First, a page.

China, Vietnam mount first joint illegal online gambling takedown


china-vietnam-online-gambling-arrestsChina’s war against online gambling has entered a new phase thanks to the country’s first joint operation with authorities in Vietnam.

Late last week, the Provincial Public Security Bureau in China’s Hunan province reported a major bust of an illegal online gambling and telecom fraud operation based in Vietnam. The Hunan cops partnered with their counterparts in Vietnam in what Chinese officials said marked “a new height in the Belt & Road cross-border police cooperation.”

The official Chinese announcement of the bust claimed the investigation began at the start of 2019 after China’s embassy in Vietnam reported a tip to China’s Ministry of Public Security, which delegated authority for an investigation to the Hunan police, who reportedly assigned over 330 cops to the file.

After liaising with their counterparts in Vietnam, the investigators staged a series of raids on June 6 on locations in Halong City and Nha Trang City. A total of 77 Chinese nationals were arrested in Vietnam and deported to China three days later. Chinese authorities arrested a further 31 suspects in China, along with the usual assortment of computers, phones and bank cards.

The official Chinese announcement of the bust claimed that the gambling and fraud ring had been in operation since 2017 and handled wagers worth “billions of yuan” before the whip came down. The group promoted its operations via the WeChat social network and handled payments via AliPay accounts.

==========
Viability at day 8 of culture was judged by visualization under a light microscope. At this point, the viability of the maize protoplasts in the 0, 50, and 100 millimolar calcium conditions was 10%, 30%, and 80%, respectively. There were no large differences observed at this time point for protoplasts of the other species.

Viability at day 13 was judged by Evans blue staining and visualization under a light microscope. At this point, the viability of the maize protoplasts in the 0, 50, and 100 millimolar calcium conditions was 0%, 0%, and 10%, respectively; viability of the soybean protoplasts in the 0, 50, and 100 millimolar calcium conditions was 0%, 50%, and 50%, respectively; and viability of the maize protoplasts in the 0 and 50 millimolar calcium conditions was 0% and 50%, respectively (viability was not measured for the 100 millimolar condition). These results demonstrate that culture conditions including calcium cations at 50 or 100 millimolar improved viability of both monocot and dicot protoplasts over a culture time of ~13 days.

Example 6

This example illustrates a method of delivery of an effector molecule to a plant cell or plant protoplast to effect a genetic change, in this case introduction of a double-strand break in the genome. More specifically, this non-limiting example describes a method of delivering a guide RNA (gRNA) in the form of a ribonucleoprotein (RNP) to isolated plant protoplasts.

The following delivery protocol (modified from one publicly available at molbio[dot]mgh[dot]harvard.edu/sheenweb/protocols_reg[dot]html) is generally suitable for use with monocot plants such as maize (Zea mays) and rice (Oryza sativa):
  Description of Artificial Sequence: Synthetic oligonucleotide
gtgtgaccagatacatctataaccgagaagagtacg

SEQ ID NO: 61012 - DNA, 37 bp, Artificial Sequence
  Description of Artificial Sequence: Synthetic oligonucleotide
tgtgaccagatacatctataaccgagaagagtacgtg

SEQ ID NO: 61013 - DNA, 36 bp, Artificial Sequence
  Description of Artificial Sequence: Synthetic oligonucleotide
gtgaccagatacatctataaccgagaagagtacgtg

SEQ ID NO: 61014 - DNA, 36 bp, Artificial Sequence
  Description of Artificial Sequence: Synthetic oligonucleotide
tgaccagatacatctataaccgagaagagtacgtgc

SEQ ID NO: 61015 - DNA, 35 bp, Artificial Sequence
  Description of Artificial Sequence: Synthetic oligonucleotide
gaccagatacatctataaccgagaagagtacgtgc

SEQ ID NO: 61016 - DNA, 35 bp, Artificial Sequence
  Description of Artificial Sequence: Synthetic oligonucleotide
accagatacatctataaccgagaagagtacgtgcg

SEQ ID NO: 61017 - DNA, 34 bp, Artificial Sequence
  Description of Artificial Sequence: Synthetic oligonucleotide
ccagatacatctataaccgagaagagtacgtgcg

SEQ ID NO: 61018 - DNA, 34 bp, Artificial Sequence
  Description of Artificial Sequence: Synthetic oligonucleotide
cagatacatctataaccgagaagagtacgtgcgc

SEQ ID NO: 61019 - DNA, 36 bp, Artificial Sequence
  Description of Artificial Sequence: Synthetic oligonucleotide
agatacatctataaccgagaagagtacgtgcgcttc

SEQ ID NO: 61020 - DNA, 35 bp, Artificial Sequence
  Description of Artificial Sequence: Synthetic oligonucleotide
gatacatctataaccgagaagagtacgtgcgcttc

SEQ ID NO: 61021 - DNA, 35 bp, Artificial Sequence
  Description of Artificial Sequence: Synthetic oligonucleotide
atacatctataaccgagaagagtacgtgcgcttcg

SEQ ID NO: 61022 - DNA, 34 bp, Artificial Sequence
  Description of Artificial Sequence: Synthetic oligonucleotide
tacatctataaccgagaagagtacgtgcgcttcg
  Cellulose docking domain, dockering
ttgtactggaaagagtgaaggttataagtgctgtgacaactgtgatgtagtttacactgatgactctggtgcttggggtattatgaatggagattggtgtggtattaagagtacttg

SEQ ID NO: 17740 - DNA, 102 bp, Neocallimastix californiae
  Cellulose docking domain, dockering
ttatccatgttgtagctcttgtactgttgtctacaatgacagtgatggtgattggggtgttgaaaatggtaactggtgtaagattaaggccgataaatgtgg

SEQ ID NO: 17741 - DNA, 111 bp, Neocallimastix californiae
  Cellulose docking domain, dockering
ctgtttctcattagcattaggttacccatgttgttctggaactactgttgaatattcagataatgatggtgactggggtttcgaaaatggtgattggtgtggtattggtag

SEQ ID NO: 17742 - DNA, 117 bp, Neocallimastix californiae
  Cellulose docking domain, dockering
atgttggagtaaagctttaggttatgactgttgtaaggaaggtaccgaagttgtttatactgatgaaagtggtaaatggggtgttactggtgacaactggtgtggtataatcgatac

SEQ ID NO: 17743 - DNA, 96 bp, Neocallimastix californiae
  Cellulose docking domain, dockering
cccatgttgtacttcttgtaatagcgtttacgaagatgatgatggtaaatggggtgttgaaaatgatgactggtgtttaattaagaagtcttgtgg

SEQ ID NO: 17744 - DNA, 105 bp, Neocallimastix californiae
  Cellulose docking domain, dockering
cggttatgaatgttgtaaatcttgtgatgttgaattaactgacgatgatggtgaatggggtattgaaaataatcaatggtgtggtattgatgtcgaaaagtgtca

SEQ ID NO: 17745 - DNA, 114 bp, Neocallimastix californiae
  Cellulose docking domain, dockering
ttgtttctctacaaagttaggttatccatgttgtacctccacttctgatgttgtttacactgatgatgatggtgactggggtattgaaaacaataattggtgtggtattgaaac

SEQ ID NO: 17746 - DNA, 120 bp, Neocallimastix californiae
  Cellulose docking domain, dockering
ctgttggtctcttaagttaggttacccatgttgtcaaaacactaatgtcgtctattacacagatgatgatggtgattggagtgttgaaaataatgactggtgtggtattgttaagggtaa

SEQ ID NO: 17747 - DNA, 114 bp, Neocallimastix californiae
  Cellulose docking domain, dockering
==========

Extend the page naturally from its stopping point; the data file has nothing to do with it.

Vietnam has pounced on Chinese-led online gambling operations before but this marks the first joint anti-gambling operation involving Chinese and Vietnamese authorities, extending a pattern in which China has begun working more closely with its regional neighbors to interdict illegal gambling and fraud operations. Earlier this month, Chinese police worked with their counterparts in Cambodia’s Sihanoukville region to bust a major cross-border gambling and telecom fraud operation.

China has routinely pronounced crackdowns on cross-border gambling over the years, but these efforts have taken on new urgency in recent weeks. China apparently convinced Cambodia’s authorities to call a halt to their online gambling licensing regime while strongly suggesting that the Philippines “ban all online gambling.”

On Wednesday, China’s President Xi Jinping welcomed Philippine President Rodrigo Duterte to Beijing for several days of bilateral talks. The Philippine government has been signalling that it may join Cambodia in shutting down its domestic online gambling operations, which like Cambodia primarily served customers in mainland China.